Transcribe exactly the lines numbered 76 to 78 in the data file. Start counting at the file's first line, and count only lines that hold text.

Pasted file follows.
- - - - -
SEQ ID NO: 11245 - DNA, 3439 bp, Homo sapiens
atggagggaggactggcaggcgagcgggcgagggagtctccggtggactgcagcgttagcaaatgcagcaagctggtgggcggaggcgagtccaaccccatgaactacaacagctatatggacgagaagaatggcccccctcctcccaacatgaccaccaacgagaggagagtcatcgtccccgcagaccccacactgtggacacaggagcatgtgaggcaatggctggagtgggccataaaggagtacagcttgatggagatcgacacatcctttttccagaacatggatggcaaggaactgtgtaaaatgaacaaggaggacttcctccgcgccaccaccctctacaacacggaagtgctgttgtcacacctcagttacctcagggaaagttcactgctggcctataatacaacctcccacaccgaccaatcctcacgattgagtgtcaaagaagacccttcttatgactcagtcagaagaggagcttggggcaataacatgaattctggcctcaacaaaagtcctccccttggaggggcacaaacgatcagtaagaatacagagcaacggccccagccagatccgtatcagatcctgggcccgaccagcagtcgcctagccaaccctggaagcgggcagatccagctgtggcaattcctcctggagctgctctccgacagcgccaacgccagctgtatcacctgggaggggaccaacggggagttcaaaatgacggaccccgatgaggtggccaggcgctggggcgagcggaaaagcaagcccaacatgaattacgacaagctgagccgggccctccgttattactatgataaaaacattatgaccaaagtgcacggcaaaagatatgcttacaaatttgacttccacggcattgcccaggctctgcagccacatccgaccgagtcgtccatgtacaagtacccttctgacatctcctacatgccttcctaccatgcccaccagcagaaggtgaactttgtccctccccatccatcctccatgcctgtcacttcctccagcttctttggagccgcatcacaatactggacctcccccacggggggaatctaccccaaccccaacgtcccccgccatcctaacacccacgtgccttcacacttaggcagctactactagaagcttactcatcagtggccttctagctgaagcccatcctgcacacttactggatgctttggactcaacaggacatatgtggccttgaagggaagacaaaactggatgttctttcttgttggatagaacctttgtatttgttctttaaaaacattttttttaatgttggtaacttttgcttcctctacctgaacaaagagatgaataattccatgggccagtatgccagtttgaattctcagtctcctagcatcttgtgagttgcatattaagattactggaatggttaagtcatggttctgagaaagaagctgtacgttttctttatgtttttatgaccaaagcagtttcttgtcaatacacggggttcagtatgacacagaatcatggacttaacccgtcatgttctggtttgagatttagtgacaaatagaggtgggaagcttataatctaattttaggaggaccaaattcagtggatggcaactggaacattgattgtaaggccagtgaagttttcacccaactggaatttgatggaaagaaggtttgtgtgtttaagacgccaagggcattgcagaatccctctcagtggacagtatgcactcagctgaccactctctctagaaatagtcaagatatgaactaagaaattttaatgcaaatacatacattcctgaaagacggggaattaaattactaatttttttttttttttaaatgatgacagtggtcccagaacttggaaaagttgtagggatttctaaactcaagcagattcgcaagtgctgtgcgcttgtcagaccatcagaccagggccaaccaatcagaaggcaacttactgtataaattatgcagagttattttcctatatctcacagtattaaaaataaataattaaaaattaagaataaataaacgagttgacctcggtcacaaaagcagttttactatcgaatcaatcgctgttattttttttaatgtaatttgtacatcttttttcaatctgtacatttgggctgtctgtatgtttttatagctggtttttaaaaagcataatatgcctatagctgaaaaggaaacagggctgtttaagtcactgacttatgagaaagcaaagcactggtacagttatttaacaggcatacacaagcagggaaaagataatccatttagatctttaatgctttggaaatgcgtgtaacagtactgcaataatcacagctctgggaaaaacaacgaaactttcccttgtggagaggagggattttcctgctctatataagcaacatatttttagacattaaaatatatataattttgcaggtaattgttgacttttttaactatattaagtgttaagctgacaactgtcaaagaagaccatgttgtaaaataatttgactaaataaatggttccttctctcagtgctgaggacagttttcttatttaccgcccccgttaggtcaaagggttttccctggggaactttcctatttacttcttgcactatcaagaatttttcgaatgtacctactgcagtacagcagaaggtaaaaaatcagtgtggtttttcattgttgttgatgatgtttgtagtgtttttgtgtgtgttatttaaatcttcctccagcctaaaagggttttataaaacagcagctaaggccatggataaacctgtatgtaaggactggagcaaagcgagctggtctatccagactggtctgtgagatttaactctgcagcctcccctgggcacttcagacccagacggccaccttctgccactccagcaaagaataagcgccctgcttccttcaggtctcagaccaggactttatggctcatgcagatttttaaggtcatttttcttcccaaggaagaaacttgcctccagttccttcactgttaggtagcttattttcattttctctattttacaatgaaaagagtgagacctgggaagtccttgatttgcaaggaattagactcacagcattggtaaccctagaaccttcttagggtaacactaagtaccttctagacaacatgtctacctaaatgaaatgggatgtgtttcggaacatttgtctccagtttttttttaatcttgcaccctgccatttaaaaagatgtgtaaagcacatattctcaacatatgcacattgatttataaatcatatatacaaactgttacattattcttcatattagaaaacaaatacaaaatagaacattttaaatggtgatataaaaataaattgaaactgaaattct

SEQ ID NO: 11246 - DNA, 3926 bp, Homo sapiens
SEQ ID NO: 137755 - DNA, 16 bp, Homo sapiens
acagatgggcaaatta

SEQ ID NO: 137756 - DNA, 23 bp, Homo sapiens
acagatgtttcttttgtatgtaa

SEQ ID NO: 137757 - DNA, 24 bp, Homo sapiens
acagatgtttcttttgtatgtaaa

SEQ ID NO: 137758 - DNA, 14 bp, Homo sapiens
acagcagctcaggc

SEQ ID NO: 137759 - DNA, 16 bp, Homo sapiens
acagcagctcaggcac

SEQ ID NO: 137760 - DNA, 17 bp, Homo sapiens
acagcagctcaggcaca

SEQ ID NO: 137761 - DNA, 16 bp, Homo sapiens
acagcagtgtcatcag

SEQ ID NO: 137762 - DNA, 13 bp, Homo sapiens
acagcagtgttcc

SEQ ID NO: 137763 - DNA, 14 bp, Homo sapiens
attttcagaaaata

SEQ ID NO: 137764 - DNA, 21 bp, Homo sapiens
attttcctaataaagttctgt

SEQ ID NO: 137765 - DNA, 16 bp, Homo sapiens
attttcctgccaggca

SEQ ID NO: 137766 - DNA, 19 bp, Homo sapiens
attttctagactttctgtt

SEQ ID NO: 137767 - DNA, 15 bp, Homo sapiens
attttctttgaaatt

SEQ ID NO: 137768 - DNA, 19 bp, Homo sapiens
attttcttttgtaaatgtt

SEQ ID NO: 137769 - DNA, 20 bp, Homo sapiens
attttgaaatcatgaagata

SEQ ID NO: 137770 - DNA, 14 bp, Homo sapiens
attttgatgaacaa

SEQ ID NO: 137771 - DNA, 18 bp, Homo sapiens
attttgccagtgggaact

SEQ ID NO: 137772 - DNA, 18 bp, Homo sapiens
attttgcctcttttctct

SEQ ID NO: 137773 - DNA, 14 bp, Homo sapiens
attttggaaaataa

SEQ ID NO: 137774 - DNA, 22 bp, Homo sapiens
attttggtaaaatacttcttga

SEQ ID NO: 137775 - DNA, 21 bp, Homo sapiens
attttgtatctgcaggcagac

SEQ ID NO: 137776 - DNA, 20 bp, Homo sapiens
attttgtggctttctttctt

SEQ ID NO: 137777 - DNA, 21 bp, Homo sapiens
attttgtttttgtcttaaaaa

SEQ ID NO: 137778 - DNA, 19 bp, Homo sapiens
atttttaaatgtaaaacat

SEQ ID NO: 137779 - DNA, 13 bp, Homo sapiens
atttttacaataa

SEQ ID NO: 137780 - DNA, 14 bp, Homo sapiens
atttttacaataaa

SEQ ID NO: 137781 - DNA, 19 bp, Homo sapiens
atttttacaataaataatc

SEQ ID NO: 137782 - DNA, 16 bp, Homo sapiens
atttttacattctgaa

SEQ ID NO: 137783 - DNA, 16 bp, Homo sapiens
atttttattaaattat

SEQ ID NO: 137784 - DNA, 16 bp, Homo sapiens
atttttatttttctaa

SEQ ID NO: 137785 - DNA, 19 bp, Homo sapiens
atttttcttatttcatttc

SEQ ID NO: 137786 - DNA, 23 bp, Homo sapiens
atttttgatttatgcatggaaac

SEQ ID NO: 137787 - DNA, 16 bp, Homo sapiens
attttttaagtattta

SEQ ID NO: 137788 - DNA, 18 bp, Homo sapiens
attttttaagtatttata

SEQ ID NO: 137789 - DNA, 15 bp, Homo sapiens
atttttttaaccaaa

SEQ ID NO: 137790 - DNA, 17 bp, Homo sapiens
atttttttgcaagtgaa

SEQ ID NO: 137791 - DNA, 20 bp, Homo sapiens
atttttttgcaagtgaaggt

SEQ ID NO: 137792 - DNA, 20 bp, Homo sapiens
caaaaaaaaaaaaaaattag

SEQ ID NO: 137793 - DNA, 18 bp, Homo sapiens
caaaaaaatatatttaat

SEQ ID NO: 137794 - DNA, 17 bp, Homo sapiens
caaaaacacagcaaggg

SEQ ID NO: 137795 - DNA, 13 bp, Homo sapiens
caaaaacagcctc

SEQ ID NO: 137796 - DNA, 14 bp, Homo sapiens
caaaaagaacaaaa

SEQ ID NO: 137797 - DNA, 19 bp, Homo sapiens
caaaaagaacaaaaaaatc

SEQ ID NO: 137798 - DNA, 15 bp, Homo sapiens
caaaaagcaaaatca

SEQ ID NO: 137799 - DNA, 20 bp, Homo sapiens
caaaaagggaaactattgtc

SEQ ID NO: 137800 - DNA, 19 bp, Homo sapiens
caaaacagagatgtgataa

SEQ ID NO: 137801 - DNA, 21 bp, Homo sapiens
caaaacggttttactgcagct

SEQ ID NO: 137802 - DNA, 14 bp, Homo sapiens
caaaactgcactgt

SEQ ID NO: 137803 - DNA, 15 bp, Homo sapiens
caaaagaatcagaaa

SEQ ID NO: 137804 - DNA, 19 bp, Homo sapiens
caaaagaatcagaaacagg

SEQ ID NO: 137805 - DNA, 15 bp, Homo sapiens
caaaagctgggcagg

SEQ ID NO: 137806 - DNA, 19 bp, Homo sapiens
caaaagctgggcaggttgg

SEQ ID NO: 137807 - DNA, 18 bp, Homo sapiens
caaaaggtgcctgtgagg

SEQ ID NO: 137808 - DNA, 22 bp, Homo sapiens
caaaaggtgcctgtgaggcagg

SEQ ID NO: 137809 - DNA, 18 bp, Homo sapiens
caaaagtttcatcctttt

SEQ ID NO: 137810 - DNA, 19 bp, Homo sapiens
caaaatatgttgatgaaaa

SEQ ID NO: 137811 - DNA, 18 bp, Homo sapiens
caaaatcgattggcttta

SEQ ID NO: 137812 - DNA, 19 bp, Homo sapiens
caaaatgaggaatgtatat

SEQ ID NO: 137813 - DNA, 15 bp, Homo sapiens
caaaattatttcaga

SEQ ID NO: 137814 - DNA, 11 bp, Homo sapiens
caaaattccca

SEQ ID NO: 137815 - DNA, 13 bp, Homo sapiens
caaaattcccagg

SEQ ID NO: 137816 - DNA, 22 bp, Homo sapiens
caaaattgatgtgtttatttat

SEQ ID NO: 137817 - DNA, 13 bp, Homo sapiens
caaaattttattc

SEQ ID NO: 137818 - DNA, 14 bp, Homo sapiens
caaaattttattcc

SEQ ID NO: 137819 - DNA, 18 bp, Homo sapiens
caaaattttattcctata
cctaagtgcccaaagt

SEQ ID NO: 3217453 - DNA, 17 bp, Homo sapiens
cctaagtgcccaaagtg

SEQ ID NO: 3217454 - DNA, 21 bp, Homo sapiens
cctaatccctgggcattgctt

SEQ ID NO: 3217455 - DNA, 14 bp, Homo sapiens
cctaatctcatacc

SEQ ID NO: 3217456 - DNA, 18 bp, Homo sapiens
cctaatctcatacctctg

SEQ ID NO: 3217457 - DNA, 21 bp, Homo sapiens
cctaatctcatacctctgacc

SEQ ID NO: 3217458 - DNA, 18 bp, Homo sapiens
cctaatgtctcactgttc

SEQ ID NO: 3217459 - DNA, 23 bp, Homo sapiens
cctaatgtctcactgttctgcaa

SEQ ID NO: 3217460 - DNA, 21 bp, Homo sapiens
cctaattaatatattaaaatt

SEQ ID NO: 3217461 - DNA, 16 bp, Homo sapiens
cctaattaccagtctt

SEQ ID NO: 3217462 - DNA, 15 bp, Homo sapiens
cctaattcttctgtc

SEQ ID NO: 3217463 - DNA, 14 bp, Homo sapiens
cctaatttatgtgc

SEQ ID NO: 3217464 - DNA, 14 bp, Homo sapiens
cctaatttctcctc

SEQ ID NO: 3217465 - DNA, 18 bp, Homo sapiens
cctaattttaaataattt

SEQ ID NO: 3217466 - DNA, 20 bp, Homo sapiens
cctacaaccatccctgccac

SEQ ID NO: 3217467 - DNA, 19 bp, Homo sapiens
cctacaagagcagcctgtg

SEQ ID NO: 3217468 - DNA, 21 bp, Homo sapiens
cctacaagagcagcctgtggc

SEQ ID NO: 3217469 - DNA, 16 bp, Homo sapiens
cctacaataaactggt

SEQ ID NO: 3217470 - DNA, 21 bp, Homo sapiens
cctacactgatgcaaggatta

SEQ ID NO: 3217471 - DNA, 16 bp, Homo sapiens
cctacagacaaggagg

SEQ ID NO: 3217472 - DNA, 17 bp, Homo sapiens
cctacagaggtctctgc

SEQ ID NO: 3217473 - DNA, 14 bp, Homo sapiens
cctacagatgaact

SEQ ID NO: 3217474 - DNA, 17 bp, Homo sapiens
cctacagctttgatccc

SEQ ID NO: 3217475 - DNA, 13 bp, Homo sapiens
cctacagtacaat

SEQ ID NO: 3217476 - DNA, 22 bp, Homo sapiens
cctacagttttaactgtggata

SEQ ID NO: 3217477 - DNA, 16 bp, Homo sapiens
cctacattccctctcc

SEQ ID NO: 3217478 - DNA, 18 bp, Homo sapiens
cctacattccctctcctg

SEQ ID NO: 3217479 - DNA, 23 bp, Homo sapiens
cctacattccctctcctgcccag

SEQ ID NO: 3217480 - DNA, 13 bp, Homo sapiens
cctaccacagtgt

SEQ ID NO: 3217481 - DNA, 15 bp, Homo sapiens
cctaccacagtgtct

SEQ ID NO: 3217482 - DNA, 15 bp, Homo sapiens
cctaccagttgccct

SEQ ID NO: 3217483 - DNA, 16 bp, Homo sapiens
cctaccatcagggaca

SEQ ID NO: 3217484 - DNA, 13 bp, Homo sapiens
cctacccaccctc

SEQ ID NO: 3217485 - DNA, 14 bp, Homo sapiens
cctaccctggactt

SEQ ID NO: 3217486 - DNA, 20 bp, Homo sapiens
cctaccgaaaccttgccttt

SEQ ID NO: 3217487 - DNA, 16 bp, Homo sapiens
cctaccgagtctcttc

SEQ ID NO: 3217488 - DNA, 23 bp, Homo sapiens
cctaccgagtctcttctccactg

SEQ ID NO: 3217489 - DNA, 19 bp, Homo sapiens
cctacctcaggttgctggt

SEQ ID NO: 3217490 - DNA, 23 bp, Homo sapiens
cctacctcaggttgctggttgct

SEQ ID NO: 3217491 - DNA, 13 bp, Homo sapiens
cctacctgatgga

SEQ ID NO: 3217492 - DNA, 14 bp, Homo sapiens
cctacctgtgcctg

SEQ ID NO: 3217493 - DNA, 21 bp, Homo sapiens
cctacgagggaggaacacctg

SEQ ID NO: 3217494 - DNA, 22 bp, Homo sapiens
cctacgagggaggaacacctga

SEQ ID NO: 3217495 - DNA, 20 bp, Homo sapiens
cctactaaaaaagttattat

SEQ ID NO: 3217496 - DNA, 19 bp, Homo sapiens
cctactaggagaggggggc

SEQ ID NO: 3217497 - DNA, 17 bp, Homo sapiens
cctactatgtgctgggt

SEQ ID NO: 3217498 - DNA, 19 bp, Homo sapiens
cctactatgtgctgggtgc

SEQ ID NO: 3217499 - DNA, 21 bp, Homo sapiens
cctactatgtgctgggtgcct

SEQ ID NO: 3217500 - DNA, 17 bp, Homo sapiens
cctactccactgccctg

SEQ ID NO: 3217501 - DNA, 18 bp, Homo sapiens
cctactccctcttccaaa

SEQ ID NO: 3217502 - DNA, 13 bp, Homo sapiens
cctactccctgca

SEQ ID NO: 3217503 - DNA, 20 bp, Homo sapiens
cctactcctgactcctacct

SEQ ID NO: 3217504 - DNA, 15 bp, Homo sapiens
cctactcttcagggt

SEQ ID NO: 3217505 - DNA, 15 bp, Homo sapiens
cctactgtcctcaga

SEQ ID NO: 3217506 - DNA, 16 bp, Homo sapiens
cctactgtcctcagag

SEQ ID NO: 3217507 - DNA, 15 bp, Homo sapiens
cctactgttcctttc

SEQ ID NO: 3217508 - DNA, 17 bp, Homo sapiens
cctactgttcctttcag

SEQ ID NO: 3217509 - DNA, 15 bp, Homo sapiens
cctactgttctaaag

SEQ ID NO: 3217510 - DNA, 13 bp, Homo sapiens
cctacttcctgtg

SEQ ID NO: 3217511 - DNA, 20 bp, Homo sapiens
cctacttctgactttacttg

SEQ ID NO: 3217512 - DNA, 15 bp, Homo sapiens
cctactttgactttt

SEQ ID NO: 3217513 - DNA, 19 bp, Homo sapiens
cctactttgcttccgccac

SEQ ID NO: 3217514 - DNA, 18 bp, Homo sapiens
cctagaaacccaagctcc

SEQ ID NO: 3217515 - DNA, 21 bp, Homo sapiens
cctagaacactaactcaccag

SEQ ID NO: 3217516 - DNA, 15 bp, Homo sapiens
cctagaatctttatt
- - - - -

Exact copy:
SEQ ID NO: 137791 - DNA, 20 bp, Homo sapiens
atttttttgcaagtgaaggt

SEQ ID NO: 137792 - DNA, 20 bp, Homo sapiens